Jared got in over his head with a crew trying to buy that list, hence the $2 million they stole from Victor Mosborian’s safe. Booth stepped in to ensure the list didn’t fall into the wrong hands — and save his brother in the process, though that obviously went wrong. This still feels like something he could have told his wife, but if he had to lie, at least it was to protect some vintage Booth values: his country and his family. And Booth and Brennan have a bad habit of making sacrifices for each other that neither of them actually want; it’s how they wound up denying their feelings for so long. Booth didn’t think he could count on Brennan’s support because he believed that she wanted to leave their old life behind. Which she did, for a while.
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But now that she’s back in the lab, Brennan’s resignation doesn’t feel like such a good idea anymore. She formally requests her old job back from Cam. “If Booth dies,” she reasons, “then I think being here would help. To have work to focus on. To be surrounded by friends.” Brennan has always buried herself in her work, but this time is different: She’s conscious of it. Brennan wants to be back at work not to avoid her feelings, but to channel them in a supportive community. We really are in season 11.
NEXT: She’s the best scientist at the Jeffersonian Institute. Who are you? NOBODY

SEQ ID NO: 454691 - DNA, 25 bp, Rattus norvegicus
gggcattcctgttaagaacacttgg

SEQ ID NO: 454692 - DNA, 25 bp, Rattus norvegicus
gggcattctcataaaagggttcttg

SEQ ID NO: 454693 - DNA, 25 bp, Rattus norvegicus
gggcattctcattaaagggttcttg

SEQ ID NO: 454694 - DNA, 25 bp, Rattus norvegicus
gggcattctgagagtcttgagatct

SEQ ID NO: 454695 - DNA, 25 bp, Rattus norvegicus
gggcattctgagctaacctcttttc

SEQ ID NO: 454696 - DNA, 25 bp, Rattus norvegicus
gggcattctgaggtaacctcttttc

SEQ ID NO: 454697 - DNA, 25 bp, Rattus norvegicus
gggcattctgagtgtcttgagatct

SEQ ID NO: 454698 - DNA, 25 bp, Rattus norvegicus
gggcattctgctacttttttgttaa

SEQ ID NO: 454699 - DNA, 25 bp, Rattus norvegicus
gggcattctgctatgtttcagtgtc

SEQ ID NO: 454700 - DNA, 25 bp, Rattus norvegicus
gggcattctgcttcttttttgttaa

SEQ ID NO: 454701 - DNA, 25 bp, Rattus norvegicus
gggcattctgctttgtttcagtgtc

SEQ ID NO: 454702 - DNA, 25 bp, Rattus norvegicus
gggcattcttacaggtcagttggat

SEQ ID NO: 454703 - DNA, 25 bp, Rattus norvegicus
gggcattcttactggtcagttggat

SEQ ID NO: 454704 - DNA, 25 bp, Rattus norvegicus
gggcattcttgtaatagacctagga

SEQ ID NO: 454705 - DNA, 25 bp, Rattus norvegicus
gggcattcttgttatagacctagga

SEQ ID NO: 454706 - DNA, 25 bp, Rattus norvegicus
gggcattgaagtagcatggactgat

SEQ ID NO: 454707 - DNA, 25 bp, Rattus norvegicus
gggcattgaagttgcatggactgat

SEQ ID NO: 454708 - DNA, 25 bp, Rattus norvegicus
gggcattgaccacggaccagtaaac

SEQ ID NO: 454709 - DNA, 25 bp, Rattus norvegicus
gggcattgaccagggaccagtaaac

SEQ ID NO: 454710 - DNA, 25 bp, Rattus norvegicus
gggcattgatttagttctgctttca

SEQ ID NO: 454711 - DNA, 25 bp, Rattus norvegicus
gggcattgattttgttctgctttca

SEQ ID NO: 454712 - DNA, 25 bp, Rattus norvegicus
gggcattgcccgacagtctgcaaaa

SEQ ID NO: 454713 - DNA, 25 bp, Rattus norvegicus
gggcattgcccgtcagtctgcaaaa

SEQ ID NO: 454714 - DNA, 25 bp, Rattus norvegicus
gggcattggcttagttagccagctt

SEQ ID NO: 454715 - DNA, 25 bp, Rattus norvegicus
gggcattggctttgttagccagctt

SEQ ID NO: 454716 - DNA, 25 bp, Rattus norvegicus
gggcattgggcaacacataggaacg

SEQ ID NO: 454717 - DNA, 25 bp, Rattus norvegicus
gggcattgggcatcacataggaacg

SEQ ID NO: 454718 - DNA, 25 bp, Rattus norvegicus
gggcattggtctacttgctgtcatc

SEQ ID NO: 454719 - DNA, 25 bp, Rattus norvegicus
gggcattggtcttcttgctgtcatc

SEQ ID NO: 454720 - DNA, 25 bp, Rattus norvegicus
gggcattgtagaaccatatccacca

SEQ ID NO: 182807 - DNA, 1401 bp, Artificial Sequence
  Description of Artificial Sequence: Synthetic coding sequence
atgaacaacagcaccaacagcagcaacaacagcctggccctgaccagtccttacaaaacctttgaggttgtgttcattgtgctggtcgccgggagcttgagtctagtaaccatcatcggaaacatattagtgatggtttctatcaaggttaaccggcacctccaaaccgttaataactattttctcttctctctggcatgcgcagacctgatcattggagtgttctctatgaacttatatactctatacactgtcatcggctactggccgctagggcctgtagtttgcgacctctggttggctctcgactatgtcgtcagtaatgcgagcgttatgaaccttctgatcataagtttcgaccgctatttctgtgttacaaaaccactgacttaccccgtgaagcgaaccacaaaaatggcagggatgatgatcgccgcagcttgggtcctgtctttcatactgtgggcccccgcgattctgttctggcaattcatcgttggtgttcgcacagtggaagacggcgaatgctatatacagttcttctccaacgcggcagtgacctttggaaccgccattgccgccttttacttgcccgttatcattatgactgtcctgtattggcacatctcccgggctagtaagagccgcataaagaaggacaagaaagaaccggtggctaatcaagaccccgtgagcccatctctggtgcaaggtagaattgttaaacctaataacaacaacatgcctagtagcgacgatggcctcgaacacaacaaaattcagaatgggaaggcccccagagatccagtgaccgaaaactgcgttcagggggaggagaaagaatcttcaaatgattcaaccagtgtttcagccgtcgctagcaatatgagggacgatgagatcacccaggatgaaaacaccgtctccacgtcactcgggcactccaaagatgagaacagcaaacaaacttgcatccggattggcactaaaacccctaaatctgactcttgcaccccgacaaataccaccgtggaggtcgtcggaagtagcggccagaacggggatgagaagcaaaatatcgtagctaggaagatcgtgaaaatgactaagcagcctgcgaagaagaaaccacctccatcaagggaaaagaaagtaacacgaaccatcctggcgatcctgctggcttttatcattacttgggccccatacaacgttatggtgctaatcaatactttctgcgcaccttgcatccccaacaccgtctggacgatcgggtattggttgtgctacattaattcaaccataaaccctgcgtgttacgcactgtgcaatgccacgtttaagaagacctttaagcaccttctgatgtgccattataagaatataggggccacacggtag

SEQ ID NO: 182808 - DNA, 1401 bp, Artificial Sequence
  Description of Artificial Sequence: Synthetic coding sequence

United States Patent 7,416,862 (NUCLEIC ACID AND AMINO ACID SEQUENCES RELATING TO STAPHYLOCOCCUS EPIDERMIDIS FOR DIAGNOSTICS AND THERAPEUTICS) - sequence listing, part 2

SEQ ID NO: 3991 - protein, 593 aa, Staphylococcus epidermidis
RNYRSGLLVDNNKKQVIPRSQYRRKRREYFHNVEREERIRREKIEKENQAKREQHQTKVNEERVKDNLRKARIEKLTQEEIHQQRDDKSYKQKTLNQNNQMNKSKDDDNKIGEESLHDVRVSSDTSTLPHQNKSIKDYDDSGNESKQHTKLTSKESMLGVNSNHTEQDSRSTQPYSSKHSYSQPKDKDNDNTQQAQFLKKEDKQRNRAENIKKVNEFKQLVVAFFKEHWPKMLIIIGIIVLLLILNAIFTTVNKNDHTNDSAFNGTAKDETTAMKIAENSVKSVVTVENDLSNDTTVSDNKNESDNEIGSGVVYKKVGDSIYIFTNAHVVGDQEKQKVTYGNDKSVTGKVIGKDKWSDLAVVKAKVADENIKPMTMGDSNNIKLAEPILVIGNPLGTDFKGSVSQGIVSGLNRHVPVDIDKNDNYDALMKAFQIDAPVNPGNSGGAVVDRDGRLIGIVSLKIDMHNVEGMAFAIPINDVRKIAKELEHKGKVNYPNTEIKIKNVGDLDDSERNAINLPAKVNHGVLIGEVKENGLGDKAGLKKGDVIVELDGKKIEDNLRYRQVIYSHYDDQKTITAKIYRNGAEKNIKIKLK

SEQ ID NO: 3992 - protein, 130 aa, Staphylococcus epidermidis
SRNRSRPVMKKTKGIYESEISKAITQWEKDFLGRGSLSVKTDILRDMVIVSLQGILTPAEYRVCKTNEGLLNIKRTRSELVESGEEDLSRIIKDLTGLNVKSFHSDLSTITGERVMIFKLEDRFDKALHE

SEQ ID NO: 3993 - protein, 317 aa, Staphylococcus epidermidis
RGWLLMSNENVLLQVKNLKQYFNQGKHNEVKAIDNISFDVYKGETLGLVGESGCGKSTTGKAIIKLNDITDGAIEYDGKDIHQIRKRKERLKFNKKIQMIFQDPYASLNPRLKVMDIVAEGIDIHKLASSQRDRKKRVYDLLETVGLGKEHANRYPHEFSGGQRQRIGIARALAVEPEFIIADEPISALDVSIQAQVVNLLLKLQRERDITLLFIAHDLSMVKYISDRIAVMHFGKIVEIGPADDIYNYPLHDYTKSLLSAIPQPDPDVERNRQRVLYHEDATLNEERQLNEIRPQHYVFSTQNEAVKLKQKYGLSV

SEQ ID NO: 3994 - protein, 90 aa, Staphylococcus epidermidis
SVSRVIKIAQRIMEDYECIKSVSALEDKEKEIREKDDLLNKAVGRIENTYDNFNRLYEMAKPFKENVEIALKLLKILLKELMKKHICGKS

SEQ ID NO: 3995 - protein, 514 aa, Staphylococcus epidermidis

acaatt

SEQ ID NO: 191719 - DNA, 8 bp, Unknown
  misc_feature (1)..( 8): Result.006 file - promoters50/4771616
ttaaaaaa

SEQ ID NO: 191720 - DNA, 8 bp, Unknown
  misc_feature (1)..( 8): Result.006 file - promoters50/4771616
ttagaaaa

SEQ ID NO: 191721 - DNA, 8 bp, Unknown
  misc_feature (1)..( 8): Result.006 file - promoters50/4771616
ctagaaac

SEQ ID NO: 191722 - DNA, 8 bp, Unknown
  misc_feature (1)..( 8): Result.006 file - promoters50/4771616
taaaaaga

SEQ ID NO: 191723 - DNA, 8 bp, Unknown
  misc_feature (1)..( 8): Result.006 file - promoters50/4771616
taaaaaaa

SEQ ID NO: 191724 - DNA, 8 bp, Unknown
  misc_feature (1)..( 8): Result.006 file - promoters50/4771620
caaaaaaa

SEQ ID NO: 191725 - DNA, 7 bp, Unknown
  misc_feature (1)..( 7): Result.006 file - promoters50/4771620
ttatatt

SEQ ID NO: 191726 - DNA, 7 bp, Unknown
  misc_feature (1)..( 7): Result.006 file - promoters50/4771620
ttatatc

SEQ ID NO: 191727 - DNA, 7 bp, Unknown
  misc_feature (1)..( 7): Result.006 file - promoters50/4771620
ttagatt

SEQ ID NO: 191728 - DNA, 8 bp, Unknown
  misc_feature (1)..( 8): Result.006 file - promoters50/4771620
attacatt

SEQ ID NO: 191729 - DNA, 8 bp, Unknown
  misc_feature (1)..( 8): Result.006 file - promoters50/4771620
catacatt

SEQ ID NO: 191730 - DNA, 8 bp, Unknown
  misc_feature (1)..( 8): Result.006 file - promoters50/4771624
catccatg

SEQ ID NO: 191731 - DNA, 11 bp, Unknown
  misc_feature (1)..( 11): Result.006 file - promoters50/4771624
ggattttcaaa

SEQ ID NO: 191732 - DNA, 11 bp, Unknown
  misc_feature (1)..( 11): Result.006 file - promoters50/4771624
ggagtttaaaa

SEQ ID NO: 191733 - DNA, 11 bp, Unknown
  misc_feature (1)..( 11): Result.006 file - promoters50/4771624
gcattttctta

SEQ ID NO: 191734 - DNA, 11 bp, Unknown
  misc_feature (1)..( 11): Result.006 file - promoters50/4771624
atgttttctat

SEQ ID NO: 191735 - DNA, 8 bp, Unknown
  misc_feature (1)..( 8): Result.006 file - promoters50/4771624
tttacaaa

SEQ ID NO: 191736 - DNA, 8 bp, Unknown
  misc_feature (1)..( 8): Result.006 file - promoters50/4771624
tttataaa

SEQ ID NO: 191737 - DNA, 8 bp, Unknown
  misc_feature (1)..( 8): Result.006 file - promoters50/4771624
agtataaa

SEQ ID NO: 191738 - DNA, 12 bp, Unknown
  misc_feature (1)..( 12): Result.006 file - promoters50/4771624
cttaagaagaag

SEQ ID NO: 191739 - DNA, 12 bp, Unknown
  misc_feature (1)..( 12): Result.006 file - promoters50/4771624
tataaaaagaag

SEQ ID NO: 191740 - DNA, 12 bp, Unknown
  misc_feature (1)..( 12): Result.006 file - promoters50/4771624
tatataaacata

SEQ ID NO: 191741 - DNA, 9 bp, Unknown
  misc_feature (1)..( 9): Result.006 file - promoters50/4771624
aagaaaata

And now that she’s back, she might as well solve some murders. Hodgins traces the evidence on Chloe’s finger to an abandoned battery-recycling factory that just screams “secret hideout,” but where Aubrey and Miller hope to Booth, they find only two dead bodies. Arastoo goes right for the scapula to rule out the worst possible scenario: Neither body belongs to Booth. Bannerman and Chloe aren’t so lucky. While the FBI tracks Bannerman’s last movements, Miller sends attractive digital forensic scientist/avowed cat person Dr. Benjamin Metzger to help Angela recover Bannerman’s files. Since when has Angela ever needed help?
Since Miller was trying to distract the team, maybe. She had a relationship with Bannerman before he met his fiancée. Miller admits to threatening Chloe, but her gun isn’t a match. (Brennan, who thinks about murder: “She could have just used another gun and then destroyed it. That’s what I would have done.”) Arastoo turns his attention to Chloe, whose skull is in pieces. When he reconstructs it, Brennan recognizes a fracture pattern unique to brass knuckles. Miller is too experienced to telegraph a hit like that, but Metzger has a wrist injury. Who’s going to care for his cats while he’s in prison?